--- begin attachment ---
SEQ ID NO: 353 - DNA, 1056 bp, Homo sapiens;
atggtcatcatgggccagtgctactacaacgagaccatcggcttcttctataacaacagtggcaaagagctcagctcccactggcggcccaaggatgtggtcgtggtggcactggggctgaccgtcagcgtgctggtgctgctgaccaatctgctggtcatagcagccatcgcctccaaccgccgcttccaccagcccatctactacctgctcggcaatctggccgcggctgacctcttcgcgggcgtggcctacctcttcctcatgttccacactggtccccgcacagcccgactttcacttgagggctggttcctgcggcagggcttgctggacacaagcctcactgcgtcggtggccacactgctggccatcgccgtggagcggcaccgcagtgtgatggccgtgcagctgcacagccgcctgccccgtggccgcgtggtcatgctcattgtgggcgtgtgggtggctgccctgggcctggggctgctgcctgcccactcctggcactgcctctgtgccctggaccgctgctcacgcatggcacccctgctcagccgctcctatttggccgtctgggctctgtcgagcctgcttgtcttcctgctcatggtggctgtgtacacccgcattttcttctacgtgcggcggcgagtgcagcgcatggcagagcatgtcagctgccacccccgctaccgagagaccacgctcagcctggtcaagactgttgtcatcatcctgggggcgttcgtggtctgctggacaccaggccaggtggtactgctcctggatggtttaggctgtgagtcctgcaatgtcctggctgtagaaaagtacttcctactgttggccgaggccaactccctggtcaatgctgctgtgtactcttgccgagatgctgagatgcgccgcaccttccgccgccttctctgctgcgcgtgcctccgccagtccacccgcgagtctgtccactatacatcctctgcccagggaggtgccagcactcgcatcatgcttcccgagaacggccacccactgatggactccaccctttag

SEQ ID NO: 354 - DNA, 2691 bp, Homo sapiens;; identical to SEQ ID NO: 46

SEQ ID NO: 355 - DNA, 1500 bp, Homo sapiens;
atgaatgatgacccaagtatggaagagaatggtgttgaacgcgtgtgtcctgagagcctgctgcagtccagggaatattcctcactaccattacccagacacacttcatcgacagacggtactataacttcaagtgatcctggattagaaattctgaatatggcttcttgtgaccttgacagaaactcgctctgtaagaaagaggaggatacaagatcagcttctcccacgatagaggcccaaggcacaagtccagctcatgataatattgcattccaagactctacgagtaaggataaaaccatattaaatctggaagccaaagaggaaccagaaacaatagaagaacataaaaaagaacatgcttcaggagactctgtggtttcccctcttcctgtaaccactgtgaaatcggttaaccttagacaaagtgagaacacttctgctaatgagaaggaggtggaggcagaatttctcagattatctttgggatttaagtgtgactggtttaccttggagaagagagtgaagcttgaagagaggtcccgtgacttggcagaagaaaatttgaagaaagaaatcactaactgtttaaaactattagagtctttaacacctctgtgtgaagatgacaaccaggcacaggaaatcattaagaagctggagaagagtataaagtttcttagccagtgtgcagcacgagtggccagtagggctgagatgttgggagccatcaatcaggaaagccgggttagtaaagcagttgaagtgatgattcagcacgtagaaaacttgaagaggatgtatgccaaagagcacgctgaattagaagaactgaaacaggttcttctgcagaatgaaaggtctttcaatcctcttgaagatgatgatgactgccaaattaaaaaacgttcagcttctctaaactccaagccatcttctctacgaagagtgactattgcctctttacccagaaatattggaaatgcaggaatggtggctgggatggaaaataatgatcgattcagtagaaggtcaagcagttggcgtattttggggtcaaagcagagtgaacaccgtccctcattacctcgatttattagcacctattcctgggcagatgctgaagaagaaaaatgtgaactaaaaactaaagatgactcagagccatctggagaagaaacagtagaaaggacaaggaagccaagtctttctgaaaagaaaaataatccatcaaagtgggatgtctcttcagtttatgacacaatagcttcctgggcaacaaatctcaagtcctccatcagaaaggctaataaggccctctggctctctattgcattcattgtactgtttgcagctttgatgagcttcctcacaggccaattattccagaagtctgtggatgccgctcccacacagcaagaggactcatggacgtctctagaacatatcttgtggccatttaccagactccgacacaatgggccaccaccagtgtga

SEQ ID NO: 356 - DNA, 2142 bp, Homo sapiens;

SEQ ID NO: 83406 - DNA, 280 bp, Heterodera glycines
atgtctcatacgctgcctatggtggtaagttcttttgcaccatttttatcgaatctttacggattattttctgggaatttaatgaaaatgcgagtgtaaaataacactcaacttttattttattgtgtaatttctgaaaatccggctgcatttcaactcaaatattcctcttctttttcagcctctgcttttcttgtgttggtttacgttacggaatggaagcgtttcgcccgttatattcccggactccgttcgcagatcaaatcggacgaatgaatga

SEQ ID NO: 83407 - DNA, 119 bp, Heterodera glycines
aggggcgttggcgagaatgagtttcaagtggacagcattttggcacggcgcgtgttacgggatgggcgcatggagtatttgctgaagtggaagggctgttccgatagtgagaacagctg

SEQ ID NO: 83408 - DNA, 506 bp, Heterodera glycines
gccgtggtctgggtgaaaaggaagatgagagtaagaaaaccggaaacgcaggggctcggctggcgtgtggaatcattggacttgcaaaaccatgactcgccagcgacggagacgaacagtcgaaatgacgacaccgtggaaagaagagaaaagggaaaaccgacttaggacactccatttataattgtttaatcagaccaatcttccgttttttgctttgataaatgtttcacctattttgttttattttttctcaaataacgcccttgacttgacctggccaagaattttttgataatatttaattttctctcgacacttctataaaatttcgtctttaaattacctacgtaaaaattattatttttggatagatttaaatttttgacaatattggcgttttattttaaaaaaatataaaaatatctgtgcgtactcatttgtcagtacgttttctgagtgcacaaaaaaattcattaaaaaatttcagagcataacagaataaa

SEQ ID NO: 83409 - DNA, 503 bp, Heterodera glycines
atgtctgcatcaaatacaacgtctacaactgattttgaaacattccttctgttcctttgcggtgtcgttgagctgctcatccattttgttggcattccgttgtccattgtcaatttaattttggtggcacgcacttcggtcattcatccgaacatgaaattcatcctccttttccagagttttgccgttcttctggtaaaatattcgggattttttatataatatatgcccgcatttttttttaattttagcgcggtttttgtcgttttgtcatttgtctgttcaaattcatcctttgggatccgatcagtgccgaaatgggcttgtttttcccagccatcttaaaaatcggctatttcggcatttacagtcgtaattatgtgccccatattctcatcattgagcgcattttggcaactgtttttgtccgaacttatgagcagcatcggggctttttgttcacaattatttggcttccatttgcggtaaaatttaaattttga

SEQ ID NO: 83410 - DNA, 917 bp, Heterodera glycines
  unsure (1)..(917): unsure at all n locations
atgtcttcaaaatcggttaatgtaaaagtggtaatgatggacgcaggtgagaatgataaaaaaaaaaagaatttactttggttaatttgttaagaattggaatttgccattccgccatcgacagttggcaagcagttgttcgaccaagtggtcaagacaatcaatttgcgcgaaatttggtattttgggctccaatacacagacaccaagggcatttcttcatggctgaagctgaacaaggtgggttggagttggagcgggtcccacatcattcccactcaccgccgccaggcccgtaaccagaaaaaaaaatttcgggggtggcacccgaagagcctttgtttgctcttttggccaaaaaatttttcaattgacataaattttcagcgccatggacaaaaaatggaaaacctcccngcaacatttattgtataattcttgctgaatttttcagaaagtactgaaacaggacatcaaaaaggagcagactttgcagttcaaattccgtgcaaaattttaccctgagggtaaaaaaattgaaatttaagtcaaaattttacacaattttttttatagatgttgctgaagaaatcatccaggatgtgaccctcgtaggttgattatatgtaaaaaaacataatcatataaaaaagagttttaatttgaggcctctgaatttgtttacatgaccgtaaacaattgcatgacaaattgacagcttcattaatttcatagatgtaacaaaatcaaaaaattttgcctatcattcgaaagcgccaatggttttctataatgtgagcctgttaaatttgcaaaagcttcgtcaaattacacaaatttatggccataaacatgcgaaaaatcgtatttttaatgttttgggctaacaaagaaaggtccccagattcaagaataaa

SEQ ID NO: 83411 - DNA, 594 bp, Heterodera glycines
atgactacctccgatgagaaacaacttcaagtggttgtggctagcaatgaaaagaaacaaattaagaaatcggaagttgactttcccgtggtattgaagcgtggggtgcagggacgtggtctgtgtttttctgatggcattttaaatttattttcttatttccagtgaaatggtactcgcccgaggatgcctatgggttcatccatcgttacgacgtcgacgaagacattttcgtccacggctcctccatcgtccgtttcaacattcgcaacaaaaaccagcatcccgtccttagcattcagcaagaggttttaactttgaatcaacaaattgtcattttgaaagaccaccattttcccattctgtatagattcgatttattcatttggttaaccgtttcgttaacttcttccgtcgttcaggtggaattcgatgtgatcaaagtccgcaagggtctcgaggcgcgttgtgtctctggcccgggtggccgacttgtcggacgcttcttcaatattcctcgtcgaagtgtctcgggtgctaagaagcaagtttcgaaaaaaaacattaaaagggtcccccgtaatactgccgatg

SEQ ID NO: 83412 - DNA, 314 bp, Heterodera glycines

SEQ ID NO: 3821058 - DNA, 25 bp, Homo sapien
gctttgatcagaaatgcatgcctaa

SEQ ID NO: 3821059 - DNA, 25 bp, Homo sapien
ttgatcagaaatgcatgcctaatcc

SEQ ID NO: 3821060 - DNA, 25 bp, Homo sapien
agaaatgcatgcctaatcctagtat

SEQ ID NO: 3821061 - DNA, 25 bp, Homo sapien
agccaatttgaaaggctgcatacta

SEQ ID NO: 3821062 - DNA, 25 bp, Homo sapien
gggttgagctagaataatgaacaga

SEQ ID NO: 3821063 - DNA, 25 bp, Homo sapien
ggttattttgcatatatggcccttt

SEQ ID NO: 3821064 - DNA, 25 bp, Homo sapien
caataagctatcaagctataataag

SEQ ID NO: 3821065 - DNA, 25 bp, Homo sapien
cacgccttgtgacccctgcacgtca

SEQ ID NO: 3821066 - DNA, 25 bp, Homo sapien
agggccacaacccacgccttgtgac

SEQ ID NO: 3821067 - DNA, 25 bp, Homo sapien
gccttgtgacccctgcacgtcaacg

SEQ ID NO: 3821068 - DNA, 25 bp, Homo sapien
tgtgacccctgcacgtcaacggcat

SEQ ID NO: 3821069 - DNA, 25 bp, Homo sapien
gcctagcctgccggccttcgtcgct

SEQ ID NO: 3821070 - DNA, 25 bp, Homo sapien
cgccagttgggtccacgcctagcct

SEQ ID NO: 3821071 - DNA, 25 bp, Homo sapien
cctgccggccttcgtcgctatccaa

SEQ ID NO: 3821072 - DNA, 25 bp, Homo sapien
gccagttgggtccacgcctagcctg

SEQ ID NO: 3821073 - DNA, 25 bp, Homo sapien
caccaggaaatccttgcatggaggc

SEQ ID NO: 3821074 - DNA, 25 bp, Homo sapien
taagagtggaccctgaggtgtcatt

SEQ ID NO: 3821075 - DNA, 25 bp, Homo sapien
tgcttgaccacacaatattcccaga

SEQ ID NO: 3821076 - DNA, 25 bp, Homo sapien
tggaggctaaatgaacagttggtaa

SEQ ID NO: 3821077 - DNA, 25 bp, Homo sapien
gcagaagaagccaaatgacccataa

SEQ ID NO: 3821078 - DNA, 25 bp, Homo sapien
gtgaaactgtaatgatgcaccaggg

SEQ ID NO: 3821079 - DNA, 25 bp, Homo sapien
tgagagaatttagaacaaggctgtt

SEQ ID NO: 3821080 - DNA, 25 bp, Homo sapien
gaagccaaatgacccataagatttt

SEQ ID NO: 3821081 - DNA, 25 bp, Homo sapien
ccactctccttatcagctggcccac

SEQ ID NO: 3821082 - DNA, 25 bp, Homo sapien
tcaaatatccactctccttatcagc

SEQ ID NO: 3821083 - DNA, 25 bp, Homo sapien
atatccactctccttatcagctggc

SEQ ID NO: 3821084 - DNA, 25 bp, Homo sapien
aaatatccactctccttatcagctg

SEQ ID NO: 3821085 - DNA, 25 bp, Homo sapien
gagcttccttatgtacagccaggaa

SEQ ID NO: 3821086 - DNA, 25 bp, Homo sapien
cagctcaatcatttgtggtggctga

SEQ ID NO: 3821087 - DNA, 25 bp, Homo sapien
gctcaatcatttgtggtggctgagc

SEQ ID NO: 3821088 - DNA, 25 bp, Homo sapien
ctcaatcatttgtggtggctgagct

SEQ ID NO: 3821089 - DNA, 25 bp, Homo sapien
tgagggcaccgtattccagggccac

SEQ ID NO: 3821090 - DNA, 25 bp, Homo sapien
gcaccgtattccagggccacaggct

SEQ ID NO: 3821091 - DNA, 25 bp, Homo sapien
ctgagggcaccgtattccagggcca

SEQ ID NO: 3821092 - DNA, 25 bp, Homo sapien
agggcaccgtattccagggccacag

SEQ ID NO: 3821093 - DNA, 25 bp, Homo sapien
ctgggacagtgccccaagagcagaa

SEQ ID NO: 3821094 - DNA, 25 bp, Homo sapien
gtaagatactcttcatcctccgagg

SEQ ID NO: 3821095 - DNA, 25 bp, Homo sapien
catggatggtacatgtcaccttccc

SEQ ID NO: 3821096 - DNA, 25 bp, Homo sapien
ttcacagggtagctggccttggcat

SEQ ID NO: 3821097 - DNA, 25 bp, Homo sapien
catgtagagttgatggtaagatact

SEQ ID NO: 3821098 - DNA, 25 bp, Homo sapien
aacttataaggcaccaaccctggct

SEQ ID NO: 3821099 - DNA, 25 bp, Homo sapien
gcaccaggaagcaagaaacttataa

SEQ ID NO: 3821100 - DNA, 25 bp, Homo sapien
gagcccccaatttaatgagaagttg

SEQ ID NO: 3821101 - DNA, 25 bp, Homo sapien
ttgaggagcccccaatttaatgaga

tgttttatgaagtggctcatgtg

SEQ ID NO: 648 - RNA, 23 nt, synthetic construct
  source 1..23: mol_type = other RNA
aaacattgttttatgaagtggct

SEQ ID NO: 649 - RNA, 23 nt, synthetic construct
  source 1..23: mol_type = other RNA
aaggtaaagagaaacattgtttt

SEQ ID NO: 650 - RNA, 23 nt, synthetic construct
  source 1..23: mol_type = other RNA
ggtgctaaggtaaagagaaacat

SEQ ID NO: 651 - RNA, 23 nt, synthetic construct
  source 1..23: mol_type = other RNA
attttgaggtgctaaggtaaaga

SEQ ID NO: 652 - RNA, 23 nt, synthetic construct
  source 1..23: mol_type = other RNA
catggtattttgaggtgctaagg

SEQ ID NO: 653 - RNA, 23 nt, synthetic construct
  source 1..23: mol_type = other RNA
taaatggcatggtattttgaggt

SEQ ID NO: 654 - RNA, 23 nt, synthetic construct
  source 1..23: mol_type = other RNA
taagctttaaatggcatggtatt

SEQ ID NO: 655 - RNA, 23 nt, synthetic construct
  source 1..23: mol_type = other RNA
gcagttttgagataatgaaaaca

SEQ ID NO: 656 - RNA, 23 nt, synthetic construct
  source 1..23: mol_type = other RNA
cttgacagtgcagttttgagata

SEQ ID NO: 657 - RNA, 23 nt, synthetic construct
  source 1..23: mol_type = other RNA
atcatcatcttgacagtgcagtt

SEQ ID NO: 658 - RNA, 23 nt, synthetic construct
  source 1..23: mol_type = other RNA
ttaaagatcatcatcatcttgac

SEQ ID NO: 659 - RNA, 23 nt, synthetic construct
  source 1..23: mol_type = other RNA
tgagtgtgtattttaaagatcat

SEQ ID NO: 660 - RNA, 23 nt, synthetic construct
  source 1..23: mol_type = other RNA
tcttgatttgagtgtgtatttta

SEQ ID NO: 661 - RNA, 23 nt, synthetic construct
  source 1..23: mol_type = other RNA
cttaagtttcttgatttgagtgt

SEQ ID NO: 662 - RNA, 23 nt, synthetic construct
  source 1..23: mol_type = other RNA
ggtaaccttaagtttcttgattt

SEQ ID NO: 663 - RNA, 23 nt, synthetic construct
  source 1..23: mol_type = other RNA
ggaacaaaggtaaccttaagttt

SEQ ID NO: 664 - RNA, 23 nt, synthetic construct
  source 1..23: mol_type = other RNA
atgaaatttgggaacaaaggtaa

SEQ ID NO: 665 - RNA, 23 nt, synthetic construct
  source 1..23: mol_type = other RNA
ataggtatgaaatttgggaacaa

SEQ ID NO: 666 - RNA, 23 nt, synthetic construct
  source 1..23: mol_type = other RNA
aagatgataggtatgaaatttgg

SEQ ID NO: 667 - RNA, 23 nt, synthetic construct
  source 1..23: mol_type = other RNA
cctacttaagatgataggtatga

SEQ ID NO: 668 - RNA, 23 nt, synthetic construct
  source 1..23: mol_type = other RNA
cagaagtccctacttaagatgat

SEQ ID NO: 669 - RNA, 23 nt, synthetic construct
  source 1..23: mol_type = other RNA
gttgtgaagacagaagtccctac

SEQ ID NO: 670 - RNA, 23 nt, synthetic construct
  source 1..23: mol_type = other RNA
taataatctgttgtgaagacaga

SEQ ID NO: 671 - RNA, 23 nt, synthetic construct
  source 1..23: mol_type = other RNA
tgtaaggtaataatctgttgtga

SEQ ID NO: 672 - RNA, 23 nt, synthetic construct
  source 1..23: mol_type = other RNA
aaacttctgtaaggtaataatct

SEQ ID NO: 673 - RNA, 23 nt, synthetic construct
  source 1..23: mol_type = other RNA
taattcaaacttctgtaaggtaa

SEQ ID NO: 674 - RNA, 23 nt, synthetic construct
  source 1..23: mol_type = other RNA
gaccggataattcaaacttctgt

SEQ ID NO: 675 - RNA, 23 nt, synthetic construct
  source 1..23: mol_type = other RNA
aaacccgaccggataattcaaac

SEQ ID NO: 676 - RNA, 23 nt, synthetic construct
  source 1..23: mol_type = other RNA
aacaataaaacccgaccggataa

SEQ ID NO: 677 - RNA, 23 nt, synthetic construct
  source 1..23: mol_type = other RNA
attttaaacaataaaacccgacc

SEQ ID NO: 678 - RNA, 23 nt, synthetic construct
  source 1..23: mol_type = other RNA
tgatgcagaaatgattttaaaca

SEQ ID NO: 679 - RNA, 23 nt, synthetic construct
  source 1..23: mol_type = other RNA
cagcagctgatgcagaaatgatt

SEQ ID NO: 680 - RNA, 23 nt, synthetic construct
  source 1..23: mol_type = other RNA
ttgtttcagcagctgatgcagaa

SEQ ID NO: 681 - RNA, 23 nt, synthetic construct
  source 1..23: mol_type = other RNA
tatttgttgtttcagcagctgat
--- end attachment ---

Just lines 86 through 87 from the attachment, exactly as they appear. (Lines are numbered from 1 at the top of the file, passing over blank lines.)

gcaccgtattccagggccacaggct

SEQ ID NO: 3821091 - DNA, 25 bp, Homo sapien